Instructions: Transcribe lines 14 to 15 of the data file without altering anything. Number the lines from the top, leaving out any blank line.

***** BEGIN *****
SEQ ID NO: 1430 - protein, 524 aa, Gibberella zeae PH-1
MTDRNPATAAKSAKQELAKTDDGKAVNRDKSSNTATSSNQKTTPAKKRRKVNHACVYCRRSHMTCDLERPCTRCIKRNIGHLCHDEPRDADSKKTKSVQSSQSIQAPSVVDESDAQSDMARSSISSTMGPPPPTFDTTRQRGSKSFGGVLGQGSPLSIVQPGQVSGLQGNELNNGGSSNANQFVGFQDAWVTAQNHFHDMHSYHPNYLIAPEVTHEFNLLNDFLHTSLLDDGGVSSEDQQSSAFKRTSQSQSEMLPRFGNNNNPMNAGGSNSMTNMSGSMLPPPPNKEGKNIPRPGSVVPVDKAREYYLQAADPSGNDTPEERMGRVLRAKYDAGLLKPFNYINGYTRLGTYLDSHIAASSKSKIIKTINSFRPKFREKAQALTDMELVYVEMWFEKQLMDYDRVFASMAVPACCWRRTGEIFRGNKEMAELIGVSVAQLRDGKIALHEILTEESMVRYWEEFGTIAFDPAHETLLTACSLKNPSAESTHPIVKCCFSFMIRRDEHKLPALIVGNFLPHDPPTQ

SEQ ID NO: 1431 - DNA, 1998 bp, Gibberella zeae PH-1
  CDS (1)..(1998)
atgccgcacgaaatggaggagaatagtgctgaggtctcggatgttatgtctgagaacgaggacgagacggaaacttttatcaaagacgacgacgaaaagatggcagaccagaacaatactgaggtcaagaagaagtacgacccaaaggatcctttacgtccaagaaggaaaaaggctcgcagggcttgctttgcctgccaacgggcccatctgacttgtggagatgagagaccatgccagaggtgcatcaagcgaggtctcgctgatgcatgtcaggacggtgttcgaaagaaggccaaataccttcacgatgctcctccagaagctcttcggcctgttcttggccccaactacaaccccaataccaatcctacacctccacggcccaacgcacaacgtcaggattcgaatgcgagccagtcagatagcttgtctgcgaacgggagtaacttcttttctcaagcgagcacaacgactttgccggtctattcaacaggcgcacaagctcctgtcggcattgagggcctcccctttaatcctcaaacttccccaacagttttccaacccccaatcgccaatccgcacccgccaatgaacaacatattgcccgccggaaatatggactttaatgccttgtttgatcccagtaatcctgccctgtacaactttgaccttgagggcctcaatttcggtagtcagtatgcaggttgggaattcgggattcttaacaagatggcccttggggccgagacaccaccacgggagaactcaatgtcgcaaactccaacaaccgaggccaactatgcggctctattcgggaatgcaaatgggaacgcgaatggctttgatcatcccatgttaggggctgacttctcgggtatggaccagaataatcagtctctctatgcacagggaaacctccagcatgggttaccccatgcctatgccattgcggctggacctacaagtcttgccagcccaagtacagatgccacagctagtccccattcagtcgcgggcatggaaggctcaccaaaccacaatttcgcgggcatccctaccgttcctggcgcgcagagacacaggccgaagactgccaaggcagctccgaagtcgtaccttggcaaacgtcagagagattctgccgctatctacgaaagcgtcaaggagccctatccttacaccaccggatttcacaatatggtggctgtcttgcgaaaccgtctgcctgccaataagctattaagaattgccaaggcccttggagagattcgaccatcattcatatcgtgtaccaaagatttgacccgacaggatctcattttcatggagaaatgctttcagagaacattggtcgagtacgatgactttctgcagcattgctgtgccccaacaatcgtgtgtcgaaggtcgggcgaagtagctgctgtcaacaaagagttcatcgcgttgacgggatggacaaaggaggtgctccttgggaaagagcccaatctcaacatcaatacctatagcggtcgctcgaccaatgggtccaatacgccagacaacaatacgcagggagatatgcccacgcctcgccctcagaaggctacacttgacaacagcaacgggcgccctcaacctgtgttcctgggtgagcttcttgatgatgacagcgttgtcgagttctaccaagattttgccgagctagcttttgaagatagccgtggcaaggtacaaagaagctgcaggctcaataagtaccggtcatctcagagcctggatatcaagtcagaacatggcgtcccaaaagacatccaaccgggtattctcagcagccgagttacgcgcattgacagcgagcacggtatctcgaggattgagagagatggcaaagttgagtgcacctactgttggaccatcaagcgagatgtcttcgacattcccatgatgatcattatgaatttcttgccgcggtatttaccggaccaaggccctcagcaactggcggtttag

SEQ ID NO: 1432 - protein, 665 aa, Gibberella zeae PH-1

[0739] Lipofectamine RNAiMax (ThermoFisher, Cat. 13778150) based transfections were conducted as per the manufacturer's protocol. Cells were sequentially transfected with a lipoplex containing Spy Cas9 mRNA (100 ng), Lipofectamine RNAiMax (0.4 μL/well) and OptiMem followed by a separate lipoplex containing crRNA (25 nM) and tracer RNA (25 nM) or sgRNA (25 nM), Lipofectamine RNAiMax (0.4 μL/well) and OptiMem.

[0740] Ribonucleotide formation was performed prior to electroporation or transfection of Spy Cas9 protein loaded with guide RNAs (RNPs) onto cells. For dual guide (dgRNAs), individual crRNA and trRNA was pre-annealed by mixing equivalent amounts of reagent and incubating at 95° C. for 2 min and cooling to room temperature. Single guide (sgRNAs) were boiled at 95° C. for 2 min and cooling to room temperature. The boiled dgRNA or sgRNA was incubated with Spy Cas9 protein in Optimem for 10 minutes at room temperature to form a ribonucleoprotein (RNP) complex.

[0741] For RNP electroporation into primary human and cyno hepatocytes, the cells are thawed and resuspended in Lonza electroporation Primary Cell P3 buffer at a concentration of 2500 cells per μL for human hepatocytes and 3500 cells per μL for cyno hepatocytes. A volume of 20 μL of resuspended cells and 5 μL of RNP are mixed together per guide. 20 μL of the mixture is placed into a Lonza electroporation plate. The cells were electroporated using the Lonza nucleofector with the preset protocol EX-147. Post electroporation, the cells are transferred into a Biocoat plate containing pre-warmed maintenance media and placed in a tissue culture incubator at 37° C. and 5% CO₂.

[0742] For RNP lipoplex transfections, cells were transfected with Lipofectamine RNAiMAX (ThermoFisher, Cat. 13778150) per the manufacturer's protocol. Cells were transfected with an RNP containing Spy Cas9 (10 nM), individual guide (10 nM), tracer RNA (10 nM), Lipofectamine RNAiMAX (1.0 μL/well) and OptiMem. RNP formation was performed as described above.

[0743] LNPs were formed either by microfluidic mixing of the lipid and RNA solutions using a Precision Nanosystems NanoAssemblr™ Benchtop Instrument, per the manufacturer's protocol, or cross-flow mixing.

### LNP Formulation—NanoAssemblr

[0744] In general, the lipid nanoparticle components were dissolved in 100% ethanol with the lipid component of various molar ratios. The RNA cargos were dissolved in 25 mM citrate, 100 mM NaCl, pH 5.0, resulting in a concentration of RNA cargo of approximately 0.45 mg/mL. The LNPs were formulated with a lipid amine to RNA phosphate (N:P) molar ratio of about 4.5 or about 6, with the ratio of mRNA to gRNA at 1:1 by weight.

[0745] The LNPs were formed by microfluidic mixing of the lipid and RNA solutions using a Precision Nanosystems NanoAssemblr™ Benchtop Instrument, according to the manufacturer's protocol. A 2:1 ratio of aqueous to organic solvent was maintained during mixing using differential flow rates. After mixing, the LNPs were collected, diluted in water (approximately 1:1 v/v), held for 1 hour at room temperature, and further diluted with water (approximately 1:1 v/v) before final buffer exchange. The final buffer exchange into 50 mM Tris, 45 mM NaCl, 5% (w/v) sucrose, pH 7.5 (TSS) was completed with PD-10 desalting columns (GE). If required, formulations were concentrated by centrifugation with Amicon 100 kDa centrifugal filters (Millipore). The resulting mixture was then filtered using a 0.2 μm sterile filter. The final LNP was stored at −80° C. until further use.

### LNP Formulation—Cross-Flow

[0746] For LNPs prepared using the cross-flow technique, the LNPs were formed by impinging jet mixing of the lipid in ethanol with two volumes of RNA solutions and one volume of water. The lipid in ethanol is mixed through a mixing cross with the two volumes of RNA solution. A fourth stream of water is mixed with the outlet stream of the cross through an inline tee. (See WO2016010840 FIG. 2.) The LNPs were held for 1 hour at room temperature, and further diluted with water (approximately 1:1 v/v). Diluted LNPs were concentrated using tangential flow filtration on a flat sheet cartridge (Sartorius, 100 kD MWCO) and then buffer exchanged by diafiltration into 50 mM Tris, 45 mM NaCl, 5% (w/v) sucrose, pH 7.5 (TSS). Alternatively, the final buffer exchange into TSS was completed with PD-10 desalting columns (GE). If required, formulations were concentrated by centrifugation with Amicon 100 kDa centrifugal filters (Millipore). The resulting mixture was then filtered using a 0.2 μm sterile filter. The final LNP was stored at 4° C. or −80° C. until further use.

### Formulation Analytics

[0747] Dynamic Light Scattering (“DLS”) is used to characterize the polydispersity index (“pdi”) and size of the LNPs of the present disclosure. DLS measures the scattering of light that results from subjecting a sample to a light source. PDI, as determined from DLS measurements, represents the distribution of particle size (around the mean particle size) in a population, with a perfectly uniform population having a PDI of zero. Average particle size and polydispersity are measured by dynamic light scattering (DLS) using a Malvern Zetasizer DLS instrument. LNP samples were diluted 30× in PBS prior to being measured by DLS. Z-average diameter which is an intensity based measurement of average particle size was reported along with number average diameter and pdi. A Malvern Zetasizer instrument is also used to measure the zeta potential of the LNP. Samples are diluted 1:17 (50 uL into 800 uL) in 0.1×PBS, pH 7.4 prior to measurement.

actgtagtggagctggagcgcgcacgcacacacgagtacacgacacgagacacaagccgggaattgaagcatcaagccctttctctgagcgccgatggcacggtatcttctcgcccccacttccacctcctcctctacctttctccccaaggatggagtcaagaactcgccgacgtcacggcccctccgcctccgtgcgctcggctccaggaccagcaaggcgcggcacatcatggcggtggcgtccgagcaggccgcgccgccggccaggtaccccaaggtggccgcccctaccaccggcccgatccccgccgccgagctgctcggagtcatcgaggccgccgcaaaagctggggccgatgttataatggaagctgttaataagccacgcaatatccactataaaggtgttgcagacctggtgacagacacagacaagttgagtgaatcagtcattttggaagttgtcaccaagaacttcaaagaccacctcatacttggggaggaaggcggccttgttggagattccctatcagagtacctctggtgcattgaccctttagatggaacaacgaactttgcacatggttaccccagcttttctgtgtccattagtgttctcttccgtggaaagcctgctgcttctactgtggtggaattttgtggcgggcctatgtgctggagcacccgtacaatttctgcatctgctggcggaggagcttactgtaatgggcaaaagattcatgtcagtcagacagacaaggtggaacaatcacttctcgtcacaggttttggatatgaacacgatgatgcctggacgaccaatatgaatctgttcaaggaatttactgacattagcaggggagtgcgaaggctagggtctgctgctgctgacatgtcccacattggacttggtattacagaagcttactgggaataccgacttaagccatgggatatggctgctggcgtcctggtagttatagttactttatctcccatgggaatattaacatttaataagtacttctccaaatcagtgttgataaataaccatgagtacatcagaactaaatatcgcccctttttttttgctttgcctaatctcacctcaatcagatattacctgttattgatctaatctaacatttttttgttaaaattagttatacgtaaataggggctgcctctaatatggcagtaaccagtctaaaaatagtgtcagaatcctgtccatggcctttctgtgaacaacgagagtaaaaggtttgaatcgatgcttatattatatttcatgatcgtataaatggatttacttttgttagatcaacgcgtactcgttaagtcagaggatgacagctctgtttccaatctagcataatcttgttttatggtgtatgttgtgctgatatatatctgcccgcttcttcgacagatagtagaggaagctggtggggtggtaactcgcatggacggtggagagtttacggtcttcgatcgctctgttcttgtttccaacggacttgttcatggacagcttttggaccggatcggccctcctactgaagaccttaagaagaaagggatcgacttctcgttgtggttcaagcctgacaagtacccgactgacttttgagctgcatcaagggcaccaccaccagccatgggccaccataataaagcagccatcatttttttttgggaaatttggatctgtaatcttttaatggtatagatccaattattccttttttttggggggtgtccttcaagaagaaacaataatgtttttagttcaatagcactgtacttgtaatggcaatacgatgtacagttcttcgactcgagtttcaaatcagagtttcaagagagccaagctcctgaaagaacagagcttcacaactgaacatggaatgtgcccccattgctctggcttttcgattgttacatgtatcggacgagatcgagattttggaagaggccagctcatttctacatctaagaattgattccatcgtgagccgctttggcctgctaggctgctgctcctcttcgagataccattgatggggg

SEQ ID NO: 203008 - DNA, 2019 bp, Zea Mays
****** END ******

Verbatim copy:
[0745] The LNPs were formed by microfluidic mixing of the lipid and RNA solutions using a Precision Nanosystems NanoAssemblr™ Benchtop Instrument, according to the manufacturer's protocol. A 2:1 ratio of aqueous to organic solvent was maintained during mixing using differential flow rates. After mixing, the LNPs were collected, diluted in water (approximately 1:1 v/v), held for 1 hour at room temperature, and further diluted with water (approximately 1:1 v/v) before final buffer exchange. The final buffer exchange into 50 mM Tris, 45 mM NaCl, 5% (w/v) sucrose, pH 7.5 (TSS) was completed with PD-10 desalting columns (GE). If required, formulations were concentrated by centrifugation with Amicon 100 kDa centrifugal filters (Millipore). The resulting mixture was then filtered using a 0.2 μm sterile filter. The final LNP was stored at −80° C. until further use.

### LNP Formulation—Cross-Flow